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California Healthline Daily Edition

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STATE BUDGET: Senate Passes $81.7B Plan with Increased Medi-Cal Funding

      The state Senate yesterday voted 36-3 to approve an $81.7 billion state budget for 1999-2000, a $4.2-billion boost over this year's budget. Bolstered by a $4.5 billion surplus this year, senators agreed to spend $900 million more than Gov. Gray Davis outlined in his budget. The Los Angeles Times reports that much of the extra funding "is earmarked for health care, as Assembly and Senate Democrats designated $200 million more for such programs in the 1999-2000 fiscal year," rising to $350 million more the following year. As part of the increase, the bill would expand Medi-Cal benefits to some working adults in low-wage jobs, at a cost of $68 million the first year and $180 million the second year (Morain, 6/16). It would give Medi-Cal providers, including doctors, nursing homes and hospitals, reimbursement increases of up to 10% (Willis, AP/Sacramento Bee, 6/16). The budget also includes $10 million "to help homeless mentally ill people by getting them into programs that provide medication, housing, job training and other services, and $37.7 million aimed at helping criminal offenders identified as mentally ill." The Times reports that Davis "is expected to wince at some of the health care initiatives" and have a go at them with his line-item veto power, particularly $90 million in pay increases for home health workers (6/16).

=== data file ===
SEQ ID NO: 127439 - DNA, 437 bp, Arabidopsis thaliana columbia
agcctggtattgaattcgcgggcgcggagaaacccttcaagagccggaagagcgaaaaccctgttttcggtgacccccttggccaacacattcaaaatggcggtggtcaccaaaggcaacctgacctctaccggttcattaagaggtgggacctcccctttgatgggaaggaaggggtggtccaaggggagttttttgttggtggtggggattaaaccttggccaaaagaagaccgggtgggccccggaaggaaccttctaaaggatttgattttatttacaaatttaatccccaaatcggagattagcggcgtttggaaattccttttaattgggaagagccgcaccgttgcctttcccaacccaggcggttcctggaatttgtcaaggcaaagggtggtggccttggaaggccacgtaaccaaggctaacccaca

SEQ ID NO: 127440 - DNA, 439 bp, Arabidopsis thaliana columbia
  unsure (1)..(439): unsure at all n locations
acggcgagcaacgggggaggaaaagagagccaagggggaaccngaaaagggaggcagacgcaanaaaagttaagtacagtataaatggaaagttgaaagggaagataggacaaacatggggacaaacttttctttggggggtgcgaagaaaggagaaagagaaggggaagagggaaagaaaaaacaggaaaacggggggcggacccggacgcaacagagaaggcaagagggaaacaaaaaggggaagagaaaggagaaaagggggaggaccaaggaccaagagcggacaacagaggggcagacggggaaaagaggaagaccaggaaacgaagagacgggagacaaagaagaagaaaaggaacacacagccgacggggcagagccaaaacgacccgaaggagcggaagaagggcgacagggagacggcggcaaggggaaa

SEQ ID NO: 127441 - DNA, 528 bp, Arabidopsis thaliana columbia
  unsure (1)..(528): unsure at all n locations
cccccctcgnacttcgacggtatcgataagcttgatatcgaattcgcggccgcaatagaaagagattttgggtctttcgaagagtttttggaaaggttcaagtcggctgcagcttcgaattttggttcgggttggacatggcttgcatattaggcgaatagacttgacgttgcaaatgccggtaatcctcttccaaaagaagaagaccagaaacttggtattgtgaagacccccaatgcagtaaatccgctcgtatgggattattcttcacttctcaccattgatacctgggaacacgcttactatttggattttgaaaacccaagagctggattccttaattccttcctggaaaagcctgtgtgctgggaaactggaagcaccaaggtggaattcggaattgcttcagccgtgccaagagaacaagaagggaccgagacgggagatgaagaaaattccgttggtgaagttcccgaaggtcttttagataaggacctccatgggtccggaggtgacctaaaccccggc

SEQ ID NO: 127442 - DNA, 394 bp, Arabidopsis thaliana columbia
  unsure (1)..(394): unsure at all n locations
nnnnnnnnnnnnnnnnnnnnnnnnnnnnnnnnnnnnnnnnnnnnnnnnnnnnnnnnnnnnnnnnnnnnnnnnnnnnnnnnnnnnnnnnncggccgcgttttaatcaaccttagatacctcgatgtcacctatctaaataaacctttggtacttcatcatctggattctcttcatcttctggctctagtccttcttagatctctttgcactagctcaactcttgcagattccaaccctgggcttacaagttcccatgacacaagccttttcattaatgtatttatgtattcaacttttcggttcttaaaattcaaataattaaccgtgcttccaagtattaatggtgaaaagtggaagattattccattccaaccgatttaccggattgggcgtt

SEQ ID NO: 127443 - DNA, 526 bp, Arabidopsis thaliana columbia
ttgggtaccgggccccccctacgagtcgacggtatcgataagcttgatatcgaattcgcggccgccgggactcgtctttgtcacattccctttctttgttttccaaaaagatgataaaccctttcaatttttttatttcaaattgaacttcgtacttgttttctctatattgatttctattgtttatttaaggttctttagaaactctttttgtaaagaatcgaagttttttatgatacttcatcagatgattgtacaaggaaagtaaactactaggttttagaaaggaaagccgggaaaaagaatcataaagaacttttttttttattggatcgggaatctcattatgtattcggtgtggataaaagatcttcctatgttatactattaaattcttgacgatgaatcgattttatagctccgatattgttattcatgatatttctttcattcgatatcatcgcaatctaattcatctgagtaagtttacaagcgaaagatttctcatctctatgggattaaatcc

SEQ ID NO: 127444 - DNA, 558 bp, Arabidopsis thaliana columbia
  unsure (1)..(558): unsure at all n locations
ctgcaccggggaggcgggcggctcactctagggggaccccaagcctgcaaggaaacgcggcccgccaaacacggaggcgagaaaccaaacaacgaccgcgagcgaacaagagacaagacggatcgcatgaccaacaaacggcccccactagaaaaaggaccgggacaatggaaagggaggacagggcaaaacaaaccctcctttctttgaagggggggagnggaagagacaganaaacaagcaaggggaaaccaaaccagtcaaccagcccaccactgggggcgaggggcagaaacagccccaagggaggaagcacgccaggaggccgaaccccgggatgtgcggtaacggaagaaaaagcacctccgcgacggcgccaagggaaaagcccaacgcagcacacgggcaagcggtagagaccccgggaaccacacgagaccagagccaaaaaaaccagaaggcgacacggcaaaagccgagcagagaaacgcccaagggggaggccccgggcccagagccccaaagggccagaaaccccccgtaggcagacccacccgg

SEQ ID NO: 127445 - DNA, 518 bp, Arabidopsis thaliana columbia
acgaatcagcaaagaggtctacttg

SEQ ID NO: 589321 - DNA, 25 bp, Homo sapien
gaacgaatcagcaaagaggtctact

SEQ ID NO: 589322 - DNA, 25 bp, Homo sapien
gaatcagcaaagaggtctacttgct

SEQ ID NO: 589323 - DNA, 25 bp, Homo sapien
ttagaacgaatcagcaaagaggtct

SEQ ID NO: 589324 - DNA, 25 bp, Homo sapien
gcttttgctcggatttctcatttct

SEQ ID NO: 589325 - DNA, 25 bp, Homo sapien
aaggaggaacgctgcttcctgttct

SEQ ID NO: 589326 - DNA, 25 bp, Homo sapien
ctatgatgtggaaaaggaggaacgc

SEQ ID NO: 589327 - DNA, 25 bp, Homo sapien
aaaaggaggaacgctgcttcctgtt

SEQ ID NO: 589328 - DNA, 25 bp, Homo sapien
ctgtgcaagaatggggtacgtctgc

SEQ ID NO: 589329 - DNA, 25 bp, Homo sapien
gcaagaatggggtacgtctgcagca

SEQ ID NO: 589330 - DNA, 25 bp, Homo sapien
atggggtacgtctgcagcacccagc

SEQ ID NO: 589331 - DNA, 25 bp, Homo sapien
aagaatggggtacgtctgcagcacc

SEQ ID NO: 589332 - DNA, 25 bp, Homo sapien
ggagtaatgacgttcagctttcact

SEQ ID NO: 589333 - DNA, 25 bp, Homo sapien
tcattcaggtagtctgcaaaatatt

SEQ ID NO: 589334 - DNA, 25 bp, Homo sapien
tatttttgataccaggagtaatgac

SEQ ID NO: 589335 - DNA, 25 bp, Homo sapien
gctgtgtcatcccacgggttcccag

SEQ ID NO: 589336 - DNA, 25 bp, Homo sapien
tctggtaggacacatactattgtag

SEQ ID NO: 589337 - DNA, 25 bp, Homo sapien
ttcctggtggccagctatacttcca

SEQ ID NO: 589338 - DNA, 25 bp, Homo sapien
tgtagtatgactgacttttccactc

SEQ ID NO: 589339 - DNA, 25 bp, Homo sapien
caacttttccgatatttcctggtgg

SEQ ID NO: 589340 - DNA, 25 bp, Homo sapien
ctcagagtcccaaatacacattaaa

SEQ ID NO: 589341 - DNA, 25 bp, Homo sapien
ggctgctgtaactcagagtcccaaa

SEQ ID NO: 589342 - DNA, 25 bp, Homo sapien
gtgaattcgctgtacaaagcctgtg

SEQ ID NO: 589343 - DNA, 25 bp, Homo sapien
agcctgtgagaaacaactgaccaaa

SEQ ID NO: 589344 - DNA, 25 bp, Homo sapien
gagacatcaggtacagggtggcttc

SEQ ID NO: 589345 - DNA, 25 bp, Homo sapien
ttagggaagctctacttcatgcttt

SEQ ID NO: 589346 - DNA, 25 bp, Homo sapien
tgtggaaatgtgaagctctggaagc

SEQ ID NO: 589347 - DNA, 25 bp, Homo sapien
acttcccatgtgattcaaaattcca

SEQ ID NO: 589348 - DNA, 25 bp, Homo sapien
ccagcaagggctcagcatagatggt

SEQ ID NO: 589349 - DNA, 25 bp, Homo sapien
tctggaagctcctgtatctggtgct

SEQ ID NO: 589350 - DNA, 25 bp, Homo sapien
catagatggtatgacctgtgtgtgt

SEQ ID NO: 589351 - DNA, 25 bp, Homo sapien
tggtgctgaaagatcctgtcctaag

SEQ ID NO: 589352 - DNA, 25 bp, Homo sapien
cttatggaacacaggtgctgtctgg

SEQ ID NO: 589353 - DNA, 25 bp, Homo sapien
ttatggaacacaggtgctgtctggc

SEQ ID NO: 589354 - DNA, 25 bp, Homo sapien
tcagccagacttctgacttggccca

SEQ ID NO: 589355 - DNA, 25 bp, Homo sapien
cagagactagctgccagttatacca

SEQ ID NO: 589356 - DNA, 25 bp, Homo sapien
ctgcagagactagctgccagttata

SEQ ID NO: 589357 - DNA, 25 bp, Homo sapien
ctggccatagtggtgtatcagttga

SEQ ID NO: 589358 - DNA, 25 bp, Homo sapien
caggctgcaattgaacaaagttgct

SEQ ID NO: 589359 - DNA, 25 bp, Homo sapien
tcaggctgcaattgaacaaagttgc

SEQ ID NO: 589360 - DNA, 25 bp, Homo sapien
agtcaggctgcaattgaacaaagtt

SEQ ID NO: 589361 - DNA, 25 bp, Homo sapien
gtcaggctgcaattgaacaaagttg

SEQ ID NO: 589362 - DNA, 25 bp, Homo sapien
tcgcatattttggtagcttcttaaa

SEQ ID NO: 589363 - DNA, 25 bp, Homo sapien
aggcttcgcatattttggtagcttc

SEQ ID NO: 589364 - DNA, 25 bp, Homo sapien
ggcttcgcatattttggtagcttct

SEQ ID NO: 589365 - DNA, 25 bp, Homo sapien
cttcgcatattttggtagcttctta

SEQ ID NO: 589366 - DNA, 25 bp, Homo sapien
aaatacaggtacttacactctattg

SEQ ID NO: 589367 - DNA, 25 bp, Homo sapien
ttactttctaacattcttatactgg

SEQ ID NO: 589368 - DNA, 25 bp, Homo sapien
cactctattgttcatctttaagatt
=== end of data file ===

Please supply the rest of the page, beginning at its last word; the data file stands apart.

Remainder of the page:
Bicameral Trouble
      The budget as it stands now, however, may not get to Davis' desk at all, as the Assembly failed to muster the two-thirds majority needed to pass budget measures. The party-line vote reflected Republicans' contention that the $500 million tax cut contained in the budget did not go far enough. Assembly Republican leader Scott Baugh (Huntington Beach) said, "We believe that families know how to spend this money better than government knows how to spend this money" (Rarick, Contra Costa Times, 6/16). But Assembly Speaker Antonio Villaraigosa (D-Los Angeles) said, "Everybody is going to want to know why they can't support a budget that focuses on education, health care, infrastructure and has a tax cut" (Los Angeles Times, 6/16).

This is part of the California Healthline Daily Edition, a summary of health policy coverage from major news organizations. Sign up for an email subscription.
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